Loading up the cart with bargain-priced items in amounts calculated to last a lifetime, if not forever, is a popular option for many Americans. And the experts say it can be a very good approach, but they warn that the shopping should be focused and strategic to get the most for your buck.
The big-time bulk marketers, such as Costco, Sam’s Club and BJ’s Wholesale, are experts. They use pricing ploys, store layout, product placement and tempting sales to ensure that you return often. They even choose their shopping carts – larger than normal – to entice you into putting just one more item – or a half dozen – into the day’s shopping load.
Costco opened its first store in San Diego, Calif., in 1976. Today it has 468 stores in the U.S. and Puerto Rico, with 33 more in Mexico. They average $164 million in sales annually, overall net revenue of $112 billion overall in 2014.
Tip #1 Special Pricing Available For Large Quantity Buyers
Costco has even lower pricing for consumers who spend more than $10,000 when ordering. You can request special price quotes for specific items.
Tip #2 Factor Membership Fees In Your Budget
The annual membership that customers purchase is a major source of the income. The stores can offer good prices because of the membership fee. So customers need to figure in the fee when they decide how much they are actually saving.
Tip #3 Double Check Your Prices
The outlets also manipulate prices on various items to make the savings seem more than they really are. Pay a reduced price for milk, for instance, and you may not realize that you are paying more for the chocolate you intend to put into the milk than you might have done at another grocery. In the trade, they call this strategy “high-low.”
Tip #4 Larger Shopping Carts Means More Spending
Factors that lure shoppers into buying more include the size of the baskets. Since the 1970s, they have tripled and the psychological result is enormous. The urge to fill up the space may lead a customer to pile in more purchases than he or she had intended.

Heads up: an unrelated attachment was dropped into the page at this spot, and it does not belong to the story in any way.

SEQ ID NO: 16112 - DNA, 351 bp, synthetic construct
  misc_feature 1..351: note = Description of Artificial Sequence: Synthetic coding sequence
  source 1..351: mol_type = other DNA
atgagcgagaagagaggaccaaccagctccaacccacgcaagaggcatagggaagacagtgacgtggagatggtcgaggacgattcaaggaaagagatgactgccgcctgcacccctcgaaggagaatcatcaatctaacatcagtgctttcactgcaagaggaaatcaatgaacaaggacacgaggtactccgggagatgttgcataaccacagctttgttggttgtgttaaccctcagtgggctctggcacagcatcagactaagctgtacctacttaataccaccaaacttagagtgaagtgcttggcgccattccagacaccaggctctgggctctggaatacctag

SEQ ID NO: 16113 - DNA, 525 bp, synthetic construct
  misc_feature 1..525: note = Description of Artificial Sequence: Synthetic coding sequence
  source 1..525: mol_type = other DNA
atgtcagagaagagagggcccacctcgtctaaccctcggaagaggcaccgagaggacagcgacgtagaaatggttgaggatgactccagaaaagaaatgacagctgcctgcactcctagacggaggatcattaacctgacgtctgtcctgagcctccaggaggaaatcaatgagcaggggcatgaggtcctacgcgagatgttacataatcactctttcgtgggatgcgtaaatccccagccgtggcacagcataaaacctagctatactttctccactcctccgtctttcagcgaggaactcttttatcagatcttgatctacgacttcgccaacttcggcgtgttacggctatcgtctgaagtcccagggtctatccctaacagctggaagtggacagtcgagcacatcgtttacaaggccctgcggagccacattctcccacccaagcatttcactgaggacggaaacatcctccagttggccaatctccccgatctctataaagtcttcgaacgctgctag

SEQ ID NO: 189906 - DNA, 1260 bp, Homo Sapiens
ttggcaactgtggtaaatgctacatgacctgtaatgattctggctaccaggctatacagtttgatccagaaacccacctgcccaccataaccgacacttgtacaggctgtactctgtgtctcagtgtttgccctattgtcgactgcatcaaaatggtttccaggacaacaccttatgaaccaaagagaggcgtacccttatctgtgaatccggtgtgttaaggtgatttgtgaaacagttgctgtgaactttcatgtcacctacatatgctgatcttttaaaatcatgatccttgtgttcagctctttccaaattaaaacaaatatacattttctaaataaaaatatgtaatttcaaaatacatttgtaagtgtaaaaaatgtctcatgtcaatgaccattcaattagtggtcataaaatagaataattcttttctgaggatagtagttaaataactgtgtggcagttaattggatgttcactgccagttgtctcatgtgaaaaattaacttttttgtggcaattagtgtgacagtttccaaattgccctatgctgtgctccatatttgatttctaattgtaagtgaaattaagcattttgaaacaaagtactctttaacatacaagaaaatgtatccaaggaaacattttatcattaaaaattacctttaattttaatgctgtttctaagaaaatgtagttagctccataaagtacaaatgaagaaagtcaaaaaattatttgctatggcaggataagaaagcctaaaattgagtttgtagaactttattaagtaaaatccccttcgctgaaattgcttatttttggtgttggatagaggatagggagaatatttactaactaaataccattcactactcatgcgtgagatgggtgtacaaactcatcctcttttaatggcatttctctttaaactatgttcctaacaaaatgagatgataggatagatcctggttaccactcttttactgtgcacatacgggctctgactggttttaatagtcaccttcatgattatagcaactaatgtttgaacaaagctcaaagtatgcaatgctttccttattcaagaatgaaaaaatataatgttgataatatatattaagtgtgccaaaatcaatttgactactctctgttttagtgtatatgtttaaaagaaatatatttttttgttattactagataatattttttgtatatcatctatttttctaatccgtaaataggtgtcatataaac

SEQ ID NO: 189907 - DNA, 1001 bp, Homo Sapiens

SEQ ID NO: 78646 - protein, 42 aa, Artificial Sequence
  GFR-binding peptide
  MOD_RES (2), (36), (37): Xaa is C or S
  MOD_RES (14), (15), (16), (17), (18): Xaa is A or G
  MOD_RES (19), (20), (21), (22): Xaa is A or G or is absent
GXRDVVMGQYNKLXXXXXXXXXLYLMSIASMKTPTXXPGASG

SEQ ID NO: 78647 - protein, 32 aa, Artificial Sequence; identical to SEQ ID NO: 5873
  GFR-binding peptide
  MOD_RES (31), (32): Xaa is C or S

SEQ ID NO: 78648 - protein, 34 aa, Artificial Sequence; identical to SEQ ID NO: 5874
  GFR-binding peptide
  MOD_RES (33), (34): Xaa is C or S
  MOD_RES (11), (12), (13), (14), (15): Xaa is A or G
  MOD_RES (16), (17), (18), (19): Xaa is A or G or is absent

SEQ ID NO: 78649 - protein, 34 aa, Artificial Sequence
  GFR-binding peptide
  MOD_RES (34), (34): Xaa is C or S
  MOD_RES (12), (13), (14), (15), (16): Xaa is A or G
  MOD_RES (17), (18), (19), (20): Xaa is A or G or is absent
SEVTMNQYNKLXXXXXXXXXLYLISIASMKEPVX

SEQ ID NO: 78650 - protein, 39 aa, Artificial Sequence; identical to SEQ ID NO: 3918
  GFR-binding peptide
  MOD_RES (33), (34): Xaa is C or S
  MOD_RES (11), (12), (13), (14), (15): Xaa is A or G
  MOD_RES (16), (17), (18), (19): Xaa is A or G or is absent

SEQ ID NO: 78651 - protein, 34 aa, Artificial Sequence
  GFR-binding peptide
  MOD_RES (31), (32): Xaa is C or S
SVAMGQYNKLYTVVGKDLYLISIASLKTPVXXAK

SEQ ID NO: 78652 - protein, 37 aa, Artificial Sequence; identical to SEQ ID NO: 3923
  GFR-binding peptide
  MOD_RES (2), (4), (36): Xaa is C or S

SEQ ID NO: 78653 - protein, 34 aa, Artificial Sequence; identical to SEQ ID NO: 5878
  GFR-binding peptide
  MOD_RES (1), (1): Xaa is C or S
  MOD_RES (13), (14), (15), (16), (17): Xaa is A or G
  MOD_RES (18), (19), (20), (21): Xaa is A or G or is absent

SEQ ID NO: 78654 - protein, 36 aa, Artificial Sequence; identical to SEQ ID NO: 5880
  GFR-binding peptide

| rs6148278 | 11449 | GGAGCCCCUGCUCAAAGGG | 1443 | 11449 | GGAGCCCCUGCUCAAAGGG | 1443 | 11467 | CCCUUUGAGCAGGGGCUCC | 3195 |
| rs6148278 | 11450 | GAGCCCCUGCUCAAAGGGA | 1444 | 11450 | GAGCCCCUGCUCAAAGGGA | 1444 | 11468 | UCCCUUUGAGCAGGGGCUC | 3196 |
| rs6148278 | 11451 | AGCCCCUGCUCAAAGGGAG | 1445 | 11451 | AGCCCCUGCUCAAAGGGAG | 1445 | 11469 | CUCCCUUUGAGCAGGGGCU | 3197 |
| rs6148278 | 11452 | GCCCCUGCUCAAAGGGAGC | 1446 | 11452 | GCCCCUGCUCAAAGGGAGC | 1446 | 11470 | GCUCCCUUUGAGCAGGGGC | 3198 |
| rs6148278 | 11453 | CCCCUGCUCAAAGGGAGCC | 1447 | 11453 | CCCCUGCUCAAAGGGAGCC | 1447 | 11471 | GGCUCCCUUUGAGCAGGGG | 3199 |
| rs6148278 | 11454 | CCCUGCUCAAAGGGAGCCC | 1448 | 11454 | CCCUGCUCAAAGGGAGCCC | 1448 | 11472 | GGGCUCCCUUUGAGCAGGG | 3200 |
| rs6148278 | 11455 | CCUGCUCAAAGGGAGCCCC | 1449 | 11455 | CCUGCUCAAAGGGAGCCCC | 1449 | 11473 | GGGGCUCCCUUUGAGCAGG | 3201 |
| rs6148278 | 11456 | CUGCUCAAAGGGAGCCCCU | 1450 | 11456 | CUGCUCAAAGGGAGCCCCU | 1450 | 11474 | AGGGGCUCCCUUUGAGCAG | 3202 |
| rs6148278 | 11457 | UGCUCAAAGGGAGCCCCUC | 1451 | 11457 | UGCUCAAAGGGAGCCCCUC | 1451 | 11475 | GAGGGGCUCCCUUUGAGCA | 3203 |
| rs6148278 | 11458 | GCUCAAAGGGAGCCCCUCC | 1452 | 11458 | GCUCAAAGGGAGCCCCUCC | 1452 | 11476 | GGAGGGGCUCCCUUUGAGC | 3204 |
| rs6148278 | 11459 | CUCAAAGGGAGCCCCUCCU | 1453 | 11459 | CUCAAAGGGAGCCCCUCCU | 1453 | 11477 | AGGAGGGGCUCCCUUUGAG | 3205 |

Tip #5 Store Layout Influences Your Spending
Stores are laid out to keep shoppers away from the exits. No bright lights, no windows or other distractions are available to keep them from their shopping. Expensive items, such as electronics, are kept at the front of the stores. In comparison, the sales racks seem even cheaper. They change their offerings frequently, so there is always a sense of being on a treasure hunt.
Tip #6 Ask For A Trial Membership
Some sensible strategies for shoppers include: Ask for a trial membership and then track savings to be sure they offset the fee. Don’t assume that large quantities are practical. If your family likes only an occasional bit of cheese, buying it in three-pound blocks isn’t wise. Check prices against those in other regular all-purpose stores. You may find such things as party items, greeting cards, note paper, etc., cheaper at a dollar store. If you don’t expect to buy a huge amount of goods, bypass the shopping cart. Make a list and stick to it. Give yourself a deadline to be in and out. Go directly to the area where your wanted items are stocked and don’t dawdle in the expensive parts of the store.
Tip #7 Returning Items Is Easy
Peterson, of Addicted To Costco recalls once “standing in line behind a man who was trying to return a violin a year and a half after buying it because his daughter didn’t want to play anymore. Costco cheerfully gave him a full refund for the instrument.”
Tip #8 Get A Cheap Lunch
Many families will go to Costco just to get a cheap hot dog or pizza. Costco’s pizzeria’s alone would rank #11 in a list of the biggest Pizzeria’s in the nation. Free samples for shoppers will help put you in a buying mood.